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University of Colorado Hospital Policy and Procedure


Patient Controlled Analgesia (PCA): Adult and Pediatric

Related Policy and Procedures:
Central Venous Lines
Peripheral Venous Lines
Medication Management
Pain Management: Adult and Pediatric
Pyxis Medication System
Controlled Medication Management
Epidural and Intrathecal Infusion Analgesia
Equipment Failure and Safety Hazard Reporting
High Alert Medications

Approved by: Professional Practice Policy and Procedure Committee
Effective: 6/99
Revised: 1/11
Revised: 7/14

Description: This policy and procedure describes the process for patients to receive safe and
effective administration of parenteral opioid analgesics with a via the Alaris patient controlled
analgesia (PCA) infusion device syringe module. The goals are:
1. To provide procedures for initiating, checking, and verifying PCA orders.
2. To provide procedures for PCA opioid use, dosage, and safe practice.
3. To standardize monitoring parameters.
4. To standardize documentation.

Accountability:
1. A physician or allied health provider must order PCA infusions. Initial orders must be written
on a pre-printed order form that includesusing an EPICelectronic health record order set, which
includes standard concentrations, dose settings and monitoring parameters. Subsequent PCA
orders may be written on a standard physician order form.
2. Opioids or sedatives ordered in addition to a PCA should be authorized by the physician
Provider service that wrote the PCA orders before they are administered. This is required to
prevent excessive sedation from other systemic controlled substances or sedatives.
3. New PCA orders will be written when a patient is transferred to another nursing unit (e.g.,
transfer in/out of ICU). PCA orders will be rewritten or renewed every 14 days.
4. All health care professionals (physicians, nurses, pharmacists)Providers are accountable for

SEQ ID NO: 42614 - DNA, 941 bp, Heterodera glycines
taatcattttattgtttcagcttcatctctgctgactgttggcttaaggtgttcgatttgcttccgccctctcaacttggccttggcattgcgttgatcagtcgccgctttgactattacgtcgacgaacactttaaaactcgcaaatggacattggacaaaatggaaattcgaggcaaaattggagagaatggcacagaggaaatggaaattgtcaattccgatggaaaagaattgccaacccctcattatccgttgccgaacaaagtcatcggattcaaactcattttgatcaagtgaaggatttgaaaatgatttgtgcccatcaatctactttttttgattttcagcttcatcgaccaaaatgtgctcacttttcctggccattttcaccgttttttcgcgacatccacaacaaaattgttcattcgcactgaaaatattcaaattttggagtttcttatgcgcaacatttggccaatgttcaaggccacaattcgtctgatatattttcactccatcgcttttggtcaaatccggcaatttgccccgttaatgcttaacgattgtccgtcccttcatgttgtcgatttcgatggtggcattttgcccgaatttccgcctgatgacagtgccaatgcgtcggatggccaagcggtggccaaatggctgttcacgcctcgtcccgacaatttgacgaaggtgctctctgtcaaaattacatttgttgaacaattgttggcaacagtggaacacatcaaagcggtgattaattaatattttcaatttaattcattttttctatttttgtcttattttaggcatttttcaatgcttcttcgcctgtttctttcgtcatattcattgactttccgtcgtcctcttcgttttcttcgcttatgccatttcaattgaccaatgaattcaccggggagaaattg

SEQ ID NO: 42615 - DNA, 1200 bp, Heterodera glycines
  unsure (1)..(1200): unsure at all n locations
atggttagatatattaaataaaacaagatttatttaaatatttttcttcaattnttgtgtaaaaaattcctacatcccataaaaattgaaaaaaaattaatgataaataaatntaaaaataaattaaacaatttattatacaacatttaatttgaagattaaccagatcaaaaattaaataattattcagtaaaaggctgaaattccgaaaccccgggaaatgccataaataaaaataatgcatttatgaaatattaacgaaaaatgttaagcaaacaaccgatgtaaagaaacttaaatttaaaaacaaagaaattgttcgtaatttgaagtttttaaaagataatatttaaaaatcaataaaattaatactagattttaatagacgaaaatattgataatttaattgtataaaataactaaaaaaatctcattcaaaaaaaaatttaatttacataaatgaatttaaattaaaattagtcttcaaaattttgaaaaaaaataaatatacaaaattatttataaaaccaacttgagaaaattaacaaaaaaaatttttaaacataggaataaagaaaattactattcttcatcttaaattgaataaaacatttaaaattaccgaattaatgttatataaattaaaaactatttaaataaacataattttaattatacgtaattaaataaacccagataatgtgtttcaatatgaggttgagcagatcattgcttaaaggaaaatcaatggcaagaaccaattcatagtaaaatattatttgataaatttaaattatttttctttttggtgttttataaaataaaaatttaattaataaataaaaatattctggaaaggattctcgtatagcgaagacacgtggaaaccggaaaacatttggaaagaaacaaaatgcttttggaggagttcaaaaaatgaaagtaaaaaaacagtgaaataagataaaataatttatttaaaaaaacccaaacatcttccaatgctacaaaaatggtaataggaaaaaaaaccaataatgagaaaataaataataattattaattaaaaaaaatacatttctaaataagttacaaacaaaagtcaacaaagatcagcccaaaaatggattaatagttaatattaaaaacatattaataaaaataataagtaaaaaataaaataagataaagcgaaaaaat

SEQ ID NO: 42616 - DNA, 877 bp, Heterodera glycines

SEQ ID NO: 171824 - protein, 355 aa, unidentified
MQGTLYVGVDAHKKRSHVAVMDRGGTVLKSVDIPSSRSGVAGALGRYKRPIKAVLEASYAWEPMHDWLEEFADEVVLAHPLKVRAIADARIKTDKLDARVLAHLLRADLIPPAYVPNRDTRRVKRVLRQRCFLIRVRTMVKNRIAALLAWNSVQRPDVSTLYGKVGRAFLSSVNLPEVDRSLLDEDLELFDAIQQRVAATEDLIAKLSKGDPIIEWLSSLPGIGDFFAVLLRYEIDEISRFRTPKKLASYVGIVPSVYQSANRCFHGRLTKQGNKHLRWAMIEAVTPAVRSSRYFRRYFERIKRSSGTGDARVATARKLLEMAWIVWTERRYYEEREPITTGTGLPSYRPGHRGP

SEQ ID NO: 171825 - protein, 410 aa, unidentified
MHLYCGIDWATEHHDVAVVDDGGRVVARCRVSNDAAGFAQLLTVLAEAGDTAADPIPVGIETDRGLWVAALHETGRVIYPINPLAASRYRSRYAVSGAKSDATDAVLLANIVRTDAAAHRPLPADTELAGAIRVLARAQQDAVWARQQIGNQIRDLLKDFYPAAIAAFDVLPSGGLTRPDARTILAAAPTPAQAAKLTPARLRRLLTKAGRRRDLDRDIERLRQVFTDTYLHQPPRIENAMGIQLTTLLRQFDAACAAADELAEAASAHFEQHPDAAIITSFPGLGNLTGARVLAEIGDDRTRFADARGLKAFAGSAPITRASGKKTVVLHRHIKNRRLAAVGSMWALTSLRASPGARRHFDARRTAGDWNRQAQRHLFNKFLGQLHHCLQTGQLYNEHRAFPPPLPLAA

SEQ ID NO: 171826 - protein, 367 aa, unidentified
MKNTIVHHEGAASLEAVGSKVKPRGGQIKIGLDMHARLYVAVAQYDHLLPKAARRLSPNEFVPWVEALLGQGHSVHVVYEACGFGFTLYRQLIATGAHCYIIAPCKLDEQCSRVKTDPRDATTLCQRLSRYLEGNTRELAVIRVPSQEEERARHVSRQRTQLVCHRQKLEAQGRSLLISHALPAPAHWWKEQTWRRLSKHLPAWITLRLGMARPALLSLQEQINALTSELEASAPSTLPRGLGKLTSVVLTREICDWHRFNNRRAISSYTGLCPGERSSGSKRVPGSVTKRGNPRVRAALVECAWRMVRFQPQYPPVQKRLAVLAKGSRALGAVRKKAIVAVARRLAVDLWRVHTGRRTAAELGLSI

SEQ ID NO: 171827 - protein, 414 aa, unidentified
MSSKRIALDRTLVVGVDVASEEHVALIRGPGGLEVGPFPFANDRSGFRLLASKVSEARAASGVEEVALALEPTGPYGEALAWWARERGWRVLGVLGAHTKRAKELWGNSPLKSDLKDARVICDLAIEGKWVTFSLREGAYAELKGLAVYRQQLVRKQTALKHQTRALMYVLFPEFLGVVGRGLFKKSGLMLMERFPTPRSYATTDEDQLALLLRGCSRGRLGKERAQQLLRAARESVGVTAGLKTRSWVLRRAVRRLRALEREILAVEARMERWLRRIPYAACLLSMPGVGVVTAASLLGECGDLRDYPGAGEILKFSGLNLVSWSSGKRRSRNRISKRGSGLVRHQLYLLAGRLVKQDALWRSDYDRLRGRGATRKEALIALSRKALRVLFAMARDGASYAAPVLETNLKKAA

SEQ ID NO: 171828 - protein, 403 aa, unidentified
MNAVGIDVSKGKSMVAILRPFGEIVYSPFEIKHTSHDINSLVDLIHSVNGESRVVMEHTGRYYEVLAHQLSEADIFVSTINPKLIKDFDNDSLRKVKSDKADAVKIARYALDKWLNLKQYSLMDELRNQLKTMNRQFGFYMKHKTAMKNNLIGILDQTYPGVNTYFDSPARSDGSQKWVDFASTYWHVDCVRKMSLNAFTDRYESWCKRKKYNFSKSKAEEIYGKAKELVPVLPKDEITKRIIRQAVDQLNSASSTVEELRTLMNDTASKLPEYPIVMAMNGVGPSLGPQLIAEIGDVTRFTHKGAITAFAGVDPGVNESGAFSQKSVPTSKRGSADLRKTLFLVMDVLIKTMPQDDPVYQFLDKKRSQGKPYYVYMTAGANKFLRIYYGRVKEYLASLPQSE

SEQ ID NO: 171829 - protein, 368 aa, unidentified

verifying and checking PCA orders for accuracy. Physicians and nurses are accountable for
checking the intravenous (IV) site for patency prior to starting an infusion and may initiate
PCA pumps only if appropriately instructed. PACU nurses are accountable for initiating PCA
infusions for postoperative patients prior to sending the patient to another nursing unit.
Commented [AD1]: Per Acute Pain Service and hospital policy
regarding pediatric admissions, references to pediatric PCAs and
dosing have been removed. The title needs to be updated to reflect
these changes.
Commented [AD2]: Deleted; unable to find this policy.
Commented [AD3]: Updated to reflect precise policy name
Commented [AD4]: Updated to add a related policy
Commented [AD5]: Inserted new date for policy revision
Commented [AD6]: Change per Alaris Team
Commented [AD7]: Remove references to paper order forms
Patient Controlled Analgesia (PCA): Adult and Pediatric

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5. Pharmacists are accountable for supplying opioids for PCA in pre-mixed syringes/bags. Any
drug wastage from the PCA pump must be witnessed and appropriately independently
documented by two nurses, physicians and/or pharmacists as per the UCH Controlled
Medication Management policy.

Definitions:
Bolus or Loading Dose: One time dose of medication that may be given at the start of a PCA
infusion, or that may be given as an additional dose to supplement PCA therapy.
Basal or Continuous Rate: The amount of medication automatically infused per hour.
Incremental Demand or PCA Dose: The amount of medication infused when the patient presses